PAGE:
Tesla's choice is one of the best. Nissan's choice was not.
Even though this slide wasn't exactly about voltage cells kept at, it gives the idea.
https://cdn.shopify.com/s/files/1/0674/ ... 4965184610
Nissan's official recommendation is 80% anywhere EPA didn't intervene.
Also EPA intervention is questionable (what about Tesla's slider, what EPA did with Model S range? which percent was chosen?)
Leaf literally has a tick box Battery Long Life Mode
. There are PEOPLE (at dealers for example)
saying a lot of things. But they are nobody in terms of information value.
But that button was made by people who made the car.
Tesla gives an option to choose whatever between 50% and 90%. Jeff told us (and showed data) to choose the low end. End of story.
Can't extrapolate in any way that this doesn't apply to chemistry that degrades faster.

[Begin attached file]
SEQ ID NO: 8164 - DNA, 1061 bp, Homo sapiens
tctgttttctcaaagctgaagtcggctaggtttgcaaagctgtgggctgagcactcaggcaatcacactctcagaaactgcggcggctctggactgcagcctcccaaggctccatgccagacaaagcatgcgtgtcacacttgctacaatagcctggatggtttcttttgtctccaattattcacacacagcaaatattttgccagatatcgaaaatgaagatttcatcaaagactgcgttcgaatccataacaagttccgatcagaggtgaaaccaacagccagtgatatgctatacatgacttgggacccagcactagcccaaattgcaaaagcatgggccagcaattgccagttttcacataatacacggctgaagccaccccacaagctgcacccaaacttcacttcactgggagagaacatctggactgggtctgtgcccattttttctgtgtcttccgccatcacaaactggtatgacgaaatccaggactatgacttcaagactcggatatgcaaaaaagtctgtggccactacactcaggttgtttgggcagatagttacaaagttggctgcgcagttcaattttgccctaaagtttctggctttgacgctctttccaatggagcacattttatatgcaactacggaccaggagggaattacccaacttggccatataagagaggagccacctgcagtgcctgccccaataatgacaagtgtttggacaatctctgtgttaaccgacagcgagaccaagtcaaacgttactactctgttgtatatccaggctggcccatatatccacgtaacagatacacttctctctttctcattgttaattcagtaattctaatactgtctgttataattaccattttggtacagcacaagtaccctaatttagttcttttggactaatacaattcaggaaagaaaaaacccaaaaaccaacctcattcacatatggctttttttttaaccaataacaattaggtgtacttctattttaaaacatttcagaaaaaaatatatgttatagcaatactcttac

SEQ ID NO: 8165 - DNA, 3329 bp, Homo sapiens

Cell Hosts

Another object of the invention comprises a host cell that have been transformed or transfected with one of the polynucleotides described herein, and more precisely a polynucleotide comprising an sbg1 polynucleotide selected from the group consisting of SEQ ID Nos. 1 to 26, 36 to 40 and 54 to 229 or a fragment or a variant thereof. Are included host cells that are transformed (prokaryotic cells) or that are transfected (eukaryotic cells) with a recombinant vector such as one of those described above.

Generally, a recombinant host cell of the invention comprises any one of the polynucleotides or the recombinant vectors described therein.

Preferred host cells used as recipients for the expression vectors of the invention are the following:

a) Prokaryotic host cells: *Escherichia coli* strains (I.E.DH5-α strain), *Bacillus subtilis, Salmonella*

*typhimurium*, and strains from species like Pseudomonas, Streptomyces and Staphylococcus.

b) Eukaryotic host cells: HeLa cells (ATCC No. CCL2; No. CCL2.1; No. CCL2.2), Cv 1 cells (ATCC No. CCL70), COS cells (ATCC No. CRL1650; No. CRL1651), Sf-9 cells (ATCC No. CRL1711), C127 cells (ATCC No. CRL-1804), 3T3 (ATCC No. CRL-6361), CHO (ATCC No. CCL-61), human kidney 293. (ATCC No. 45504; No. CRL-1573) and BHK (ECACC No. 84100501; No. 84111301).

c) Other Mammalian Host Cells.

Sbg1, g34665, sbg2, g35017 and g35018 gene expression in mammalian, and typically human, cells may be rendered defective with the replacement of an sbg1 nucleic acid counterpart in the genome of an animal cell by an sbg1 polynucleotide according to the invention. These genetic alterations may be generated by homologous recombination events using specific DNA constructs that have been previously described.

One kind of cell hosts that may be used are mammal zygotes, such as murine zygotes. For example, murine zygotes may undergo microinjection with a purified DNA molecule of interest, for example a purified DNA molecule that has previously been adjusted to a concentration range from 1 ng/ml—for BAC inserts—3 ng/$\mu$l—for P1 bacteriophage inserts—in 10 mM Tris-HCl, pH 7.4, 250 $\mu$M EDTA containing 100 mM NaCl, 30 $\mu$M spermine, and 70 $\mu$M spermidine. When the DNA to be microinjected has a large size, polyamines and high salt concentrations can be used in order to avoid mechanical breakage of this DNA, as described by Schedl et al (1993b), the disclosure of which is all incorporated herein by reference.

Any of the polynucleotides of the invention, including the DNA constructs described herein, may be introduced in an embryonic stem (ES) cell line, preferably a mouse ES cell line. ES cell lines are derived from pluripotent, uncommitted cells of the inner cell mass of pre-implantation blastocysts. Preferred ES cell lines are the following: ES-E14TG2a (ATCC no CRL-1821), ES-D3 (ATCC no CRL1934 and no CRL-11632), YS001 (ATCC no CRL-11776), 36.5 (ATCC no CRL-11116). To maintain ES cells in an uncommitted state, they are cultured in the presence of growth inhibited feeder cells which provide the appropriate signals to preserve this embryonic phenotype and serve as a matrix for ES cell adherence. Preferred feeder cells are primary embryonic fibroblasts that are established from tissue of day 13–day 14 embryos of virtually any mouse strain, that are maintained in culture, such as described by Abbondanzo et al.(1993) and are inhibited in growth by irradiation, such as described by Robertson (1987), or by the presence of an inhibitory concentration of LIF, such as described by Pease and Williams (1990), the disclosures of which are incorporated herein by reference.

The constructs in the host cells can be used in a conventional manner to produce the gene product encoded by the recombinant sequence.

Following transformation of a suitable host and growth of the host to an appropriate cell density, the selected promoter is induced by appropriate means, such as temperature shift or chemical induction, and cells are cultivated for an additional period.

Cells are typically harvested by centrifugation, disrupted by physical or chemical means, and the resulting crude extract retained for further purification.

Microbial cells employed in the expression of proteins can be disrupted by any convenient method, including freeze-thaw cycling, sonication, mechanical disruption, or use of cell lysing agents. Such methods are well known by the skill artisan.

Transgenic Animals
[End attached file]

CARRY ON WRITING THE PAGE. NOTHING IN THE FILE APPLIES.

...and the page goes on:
Liquid cooling loop has little to do with shelf life actually (time when vehicle is not used). Tesla hardly cools the battery.
Chemistry is often between 35-50C. No active cooling.
Conclusion: according to what we know, Leaf is not less sensitive to higher SOC degradation compared to Tesla.
Recommendation to charge closer to 50% was not Tesla specific.
And it was given by a person whose information is more valuable/grounded than our opinions combined.
Tesla's slider clearly states "Daily". SC has nothing to do with daily usage scenario.